Multidisciplinary research project, funded within the
research programme �Russia in Flux� by
the Academy of Finland in 2004-2007

The ethnic, linguistic and cultural situation of Northern and, especially, Northwestern Russia was stabilised no earlier than at the beginning of the Middle Ages along with the Slavicisation of the area. Prior to that time, the northern part of Russia was populated by Finno-Ugrian and Baltic peoples, their settlements comprising large areas in the central part of Russia, too. The Scandinavians, in turn, contributed to a drastic change of social structure by setting up trade colonies which later became urban centres. Among the early cities, Novgorod has a special status.

Research into the ancient ethnic, linguistic and cultural circumstances in the area covered by the present project, and into the mechanisms of that area�s settlement history, requires a multidisciplinary approach. The project has been constructed to enable linguists, historians and archaeologists to meet in order to utilise each other�s expertise and up-to-date results. The general objectives of the study are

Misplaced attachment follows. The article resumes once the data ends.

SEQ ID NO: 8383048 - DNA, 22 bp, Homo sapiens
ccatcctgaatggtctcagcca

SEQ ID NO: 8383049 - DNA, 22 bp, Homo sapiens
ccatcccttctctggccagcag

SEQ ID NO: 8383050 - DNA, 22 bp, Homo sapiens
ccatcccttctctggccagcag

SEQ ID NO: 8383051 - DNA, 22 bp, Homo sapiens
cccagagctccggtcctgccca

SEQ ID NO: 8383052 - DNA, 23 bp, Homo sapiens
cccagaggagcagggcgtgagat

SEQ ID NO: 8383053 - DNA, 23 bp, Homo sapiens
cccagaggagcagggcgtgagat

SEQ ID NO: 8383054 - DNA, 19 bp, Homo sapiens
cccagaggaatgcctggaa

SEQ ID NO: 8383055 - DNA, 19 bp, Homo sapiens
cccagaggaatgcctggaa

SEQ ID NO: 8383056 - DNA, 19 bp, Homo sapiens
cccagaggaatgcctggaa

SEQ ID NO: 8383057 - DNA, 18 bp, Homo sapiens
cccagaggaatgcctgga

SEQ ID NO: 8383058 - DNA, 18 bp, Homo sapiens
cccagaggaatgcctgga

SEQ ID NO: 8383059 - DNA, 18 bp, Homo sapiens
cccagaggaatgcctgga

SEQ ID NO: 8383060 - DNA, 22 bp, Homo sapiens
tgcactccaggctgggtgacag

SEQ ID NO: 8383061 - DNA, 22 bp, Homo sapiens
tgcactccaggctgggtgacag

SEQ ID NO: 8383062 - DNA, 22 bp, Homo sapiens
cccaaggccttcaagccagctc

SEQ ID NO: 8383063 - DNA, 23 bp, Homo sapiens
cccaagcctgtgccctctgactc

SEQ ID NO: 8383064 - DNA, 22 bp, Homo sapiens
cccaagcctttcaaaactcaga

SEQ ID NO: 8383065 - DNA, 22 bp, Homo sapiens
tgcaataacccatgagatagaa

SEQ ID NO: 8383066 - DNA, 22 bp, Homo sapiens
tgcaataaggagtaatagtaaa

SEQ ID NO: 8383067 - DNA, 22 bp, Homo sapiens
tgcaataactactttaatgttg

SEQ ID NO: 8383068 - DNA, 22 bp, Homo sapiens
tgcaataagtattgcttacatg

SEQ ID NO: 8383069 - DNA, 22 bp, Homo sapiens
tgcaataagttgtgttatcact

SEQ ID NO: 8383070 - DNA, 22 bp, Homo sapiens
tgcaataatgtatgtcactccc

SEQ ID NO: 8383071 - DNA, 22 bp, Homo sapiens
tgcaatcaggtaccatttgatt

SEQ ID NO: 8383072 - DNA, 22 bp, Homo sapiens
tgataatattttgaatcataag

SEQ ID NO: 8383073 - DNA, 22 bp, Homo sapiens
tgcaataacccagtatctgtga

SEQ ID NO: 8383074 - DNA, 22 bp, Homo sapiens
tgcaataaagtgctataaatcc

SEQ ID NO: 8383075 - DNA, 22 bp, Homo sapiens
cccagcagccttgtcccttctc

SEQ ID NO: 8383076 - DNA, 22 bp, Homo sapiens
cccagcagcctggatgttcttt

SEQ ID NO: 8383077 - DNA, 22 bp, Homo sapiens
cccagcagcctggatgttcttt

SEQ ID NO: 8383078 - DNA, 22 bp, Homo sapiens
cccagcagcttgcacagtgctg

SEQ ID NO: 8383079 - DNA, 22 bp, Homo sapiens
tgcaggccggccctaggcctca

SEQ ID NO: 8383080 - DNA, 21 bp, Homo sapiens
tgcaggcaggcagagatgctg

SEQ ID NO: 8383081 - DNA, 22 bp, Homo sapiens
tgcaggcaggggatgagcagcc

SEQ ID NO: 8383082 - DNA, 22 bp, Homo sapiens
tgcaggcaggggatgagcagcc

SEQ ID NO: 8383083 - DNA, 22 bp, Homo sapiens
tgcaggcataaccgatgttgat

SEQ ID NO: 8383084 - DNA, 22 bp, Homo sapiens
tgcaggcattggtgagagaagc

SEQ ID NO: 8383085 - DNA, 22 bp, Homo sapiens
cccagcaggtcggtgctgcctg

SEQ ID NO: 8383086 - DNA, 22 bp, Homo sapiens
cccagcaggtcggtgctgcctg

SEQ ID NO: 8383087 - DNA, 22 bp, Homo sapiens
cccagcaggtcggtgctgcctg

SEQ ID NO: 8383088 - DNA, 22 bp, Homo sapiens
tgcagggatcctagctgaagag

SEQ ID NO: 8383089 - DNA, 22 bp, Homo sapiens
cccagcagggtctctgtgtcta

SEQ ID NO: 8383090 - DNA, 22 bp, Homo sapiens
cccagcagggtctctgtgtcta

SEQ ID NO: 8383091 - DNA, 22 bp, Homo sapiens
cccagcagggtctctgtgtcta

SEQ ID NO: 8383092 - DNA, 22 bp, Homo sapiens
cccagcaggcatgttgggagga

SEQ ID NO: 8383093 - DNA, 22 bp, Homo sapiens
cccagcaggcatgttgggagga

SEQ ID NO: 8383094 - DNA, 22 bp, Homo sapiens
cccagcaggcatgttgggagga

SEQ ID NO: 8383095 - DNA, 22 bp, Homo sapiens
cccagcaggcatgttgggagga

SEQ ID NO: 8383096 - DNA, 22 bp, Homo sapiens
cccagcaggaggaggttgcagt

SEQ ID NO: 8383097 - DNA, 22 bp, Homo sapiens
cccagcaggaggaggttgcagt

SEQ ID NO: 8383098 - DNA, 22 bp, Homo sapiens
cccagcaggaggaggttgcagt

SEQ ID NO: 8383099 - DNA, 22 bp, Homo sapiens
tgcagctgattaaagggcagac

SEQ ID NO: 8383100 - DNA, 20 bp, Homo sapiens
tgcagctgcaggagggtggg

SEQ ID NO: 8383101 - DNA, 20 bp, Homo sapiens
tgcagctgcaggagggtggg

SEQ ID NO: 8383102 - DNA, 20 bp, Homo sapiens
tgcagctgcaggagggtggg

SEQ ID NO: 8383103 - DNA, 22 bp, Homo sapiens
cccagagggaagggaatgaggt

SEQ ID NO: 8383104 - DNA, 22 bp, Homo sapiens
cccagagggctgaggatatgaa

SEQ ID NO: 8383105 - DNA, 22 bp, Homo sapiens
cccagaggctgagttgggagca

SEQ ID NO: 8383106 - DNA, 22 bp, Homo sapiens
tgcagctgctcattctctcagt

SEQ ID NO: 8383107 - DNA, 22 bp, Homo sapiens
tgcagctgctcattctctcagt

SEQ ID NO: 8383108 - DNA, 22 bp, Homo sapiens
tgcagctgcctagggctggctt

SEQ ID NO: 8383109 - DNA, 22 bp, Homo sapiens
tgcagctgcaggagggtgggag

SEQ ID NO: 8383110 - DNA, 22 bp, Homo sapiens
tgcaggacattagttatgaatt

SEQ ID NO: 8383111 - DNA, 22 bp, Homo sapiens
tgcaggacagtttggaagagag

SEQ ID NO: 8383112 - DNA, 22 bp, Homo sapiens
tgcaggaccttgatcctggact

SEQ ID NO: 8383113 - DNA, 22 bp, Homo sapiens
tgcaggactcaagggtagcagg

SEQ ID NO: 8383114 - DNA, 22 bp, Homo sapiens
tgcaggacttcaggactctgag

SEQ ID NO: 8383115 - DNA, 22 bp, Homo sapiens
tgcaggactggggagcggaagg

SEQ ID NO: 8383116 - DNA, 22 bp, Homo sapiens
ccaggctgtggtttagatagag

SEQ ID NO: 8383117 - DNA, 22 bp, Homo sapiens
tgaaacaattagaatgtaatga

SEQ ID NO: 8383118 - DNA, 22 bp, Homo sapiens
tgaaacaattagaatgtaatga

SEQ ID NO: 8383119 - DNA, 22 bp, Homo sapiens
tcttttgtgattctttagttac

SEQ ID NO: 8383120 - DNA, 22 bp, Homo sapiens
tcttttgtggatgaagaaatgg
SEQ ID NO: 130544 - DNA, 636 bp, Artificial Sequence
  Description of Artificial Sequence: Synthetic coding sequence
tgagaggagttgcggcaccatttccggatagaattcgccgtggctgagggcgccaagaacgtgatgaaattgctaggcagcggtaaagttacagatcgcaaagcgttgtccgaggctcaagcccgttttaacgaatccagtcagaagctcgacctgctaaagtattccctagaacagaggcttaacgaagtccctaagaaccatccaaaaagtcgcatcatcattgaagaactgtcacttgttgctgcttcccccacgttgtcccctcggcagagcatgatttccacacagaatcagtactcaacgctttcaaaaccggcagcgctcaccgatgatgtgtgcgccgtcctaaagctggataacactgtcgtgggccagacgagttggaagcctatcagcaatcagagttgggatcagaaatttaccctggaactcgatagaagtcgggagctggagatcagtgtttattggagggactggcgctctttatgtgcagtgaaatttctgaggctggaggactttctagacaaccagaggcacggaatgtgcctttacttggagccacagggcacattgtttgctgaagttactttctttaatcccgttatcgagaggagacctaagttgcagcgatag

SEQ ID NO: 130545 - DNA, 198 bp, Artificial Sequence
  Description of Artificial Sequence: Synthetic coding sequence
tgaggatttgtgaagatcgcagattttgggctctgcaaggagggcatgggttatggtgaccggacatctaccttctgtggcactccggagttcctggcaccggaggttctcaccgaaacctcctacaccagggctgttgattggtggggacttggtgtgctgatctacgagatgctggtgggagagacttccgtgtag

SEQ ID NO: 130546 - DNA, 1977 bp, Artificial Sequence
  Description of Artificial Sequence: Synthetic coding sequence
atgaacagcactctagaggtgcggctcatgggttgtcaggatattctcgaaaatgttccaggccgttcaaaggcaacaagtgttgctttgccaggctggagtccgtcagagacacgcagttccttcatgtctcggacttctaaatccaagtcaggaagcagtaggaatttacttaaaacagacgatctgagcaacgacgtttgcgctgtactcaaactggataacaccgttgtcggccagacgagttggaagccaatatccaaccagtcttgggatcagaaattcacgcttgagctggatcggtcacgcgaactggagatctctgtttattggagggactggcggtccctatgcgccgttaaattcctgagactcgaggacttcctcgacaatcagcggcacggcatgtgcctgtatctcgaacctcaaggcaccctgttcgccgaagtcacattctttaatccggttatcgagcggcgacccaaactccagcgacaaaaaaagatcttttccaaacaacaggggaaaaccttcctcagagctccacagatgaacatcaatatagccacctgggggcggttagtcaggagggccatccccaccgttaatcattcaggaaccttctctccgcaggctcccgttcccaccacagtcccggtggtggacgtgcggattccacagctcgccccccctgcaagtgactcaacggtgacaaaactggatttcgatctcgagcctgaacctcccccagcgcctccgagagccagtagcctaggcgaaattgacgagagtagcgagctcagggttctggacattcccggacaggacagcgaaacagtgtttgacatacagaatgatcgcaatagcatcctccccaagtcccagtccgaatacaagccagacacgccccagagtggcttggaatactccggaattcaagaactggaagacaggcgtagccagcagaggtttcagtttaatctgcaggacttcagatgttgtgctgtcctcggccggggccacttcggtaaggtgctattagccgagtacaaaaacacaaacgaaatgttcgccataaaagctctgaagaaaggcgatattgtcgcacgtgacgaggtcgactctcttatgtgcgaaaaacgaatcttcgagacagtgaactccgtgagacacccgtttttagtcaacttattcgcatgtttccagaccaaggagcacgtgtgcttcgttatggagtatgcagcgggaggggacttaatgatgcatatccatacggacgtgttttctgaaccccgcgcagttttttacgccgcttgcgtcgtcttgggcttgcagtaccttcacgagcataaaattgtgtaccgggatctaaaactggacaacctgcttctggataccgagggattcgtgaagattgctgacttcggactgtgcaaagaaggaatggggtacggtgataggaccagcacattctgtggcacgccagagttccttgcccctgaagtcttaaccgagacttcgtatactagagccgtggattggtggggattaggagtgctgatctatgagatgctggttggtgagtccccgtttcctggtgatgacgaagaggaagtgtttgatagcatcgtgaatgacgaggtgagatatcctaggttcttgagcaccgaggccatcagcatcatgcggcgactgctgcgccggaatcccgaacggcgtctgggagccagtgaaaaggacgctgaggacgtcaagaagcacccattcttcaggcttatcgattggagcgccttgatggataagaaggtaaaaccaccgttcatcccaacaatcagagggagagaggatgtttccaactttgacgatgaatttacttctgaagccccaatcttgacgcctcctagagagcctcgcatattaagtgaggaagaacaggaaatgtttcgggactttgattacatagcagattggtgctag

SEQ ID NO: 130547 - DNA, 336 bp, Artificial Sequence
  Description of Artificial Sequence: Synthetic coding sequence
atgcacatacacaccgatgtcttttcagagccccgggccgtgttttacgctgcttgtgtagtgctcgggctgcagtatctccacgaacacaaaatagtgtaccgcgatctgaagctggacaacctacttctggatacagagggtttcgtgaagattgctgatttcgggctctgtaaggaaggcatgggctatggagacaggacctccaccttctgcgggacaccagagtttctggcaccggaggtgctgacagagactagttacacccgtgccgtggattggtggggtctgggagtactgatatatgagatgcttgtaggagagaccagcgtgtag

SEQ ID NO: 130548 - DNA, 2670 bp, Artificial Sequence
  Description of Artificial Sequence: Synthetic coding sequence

* to investigate the linguistic and ethnic situation of Northern Russia from prehistorical times up to the present-day;
    * to examine the mechanisms and dynamics of the Slavs� settlement history and of Slavicisation, as well as the linguistic and cultural consequences resulting from the intercourse between the �old� and the �new� population to the linguistic and cultural making of the area;
    * to shed light on the societies that emerged at the beginning of the historical era (especially on the rise of Novgorod and other Northern Russian centres) and their linguistic situation.

The research is carried out by scholars in the fields of Slavonic Studies, Finno-Ugrian Studies, Baltic Studies, Scandinavian Studies and Archaeology at the University of Helsinki, the Russian Academy of Sciences (Moscow, Petrozavodsk), the University of Latvia (Riga), the University of Leiden, the University of Oslo, the University of Tartu, and the University of Vienna.

Project "The Ethnic, Linguistic and Cultural Making of Northern Russia"
Researcher in Charge: Juhani Nuorluoto, PhD, Reader, Academy Research Fellow
Department of Slavonic and Baltic Languages and Literatures
P.O. Box 24 (Unioninkatu 40B), FIN-00014 University of Helsinki
Tel. +358 (0)9 191 22010 / +358 (0)50 520 35 43;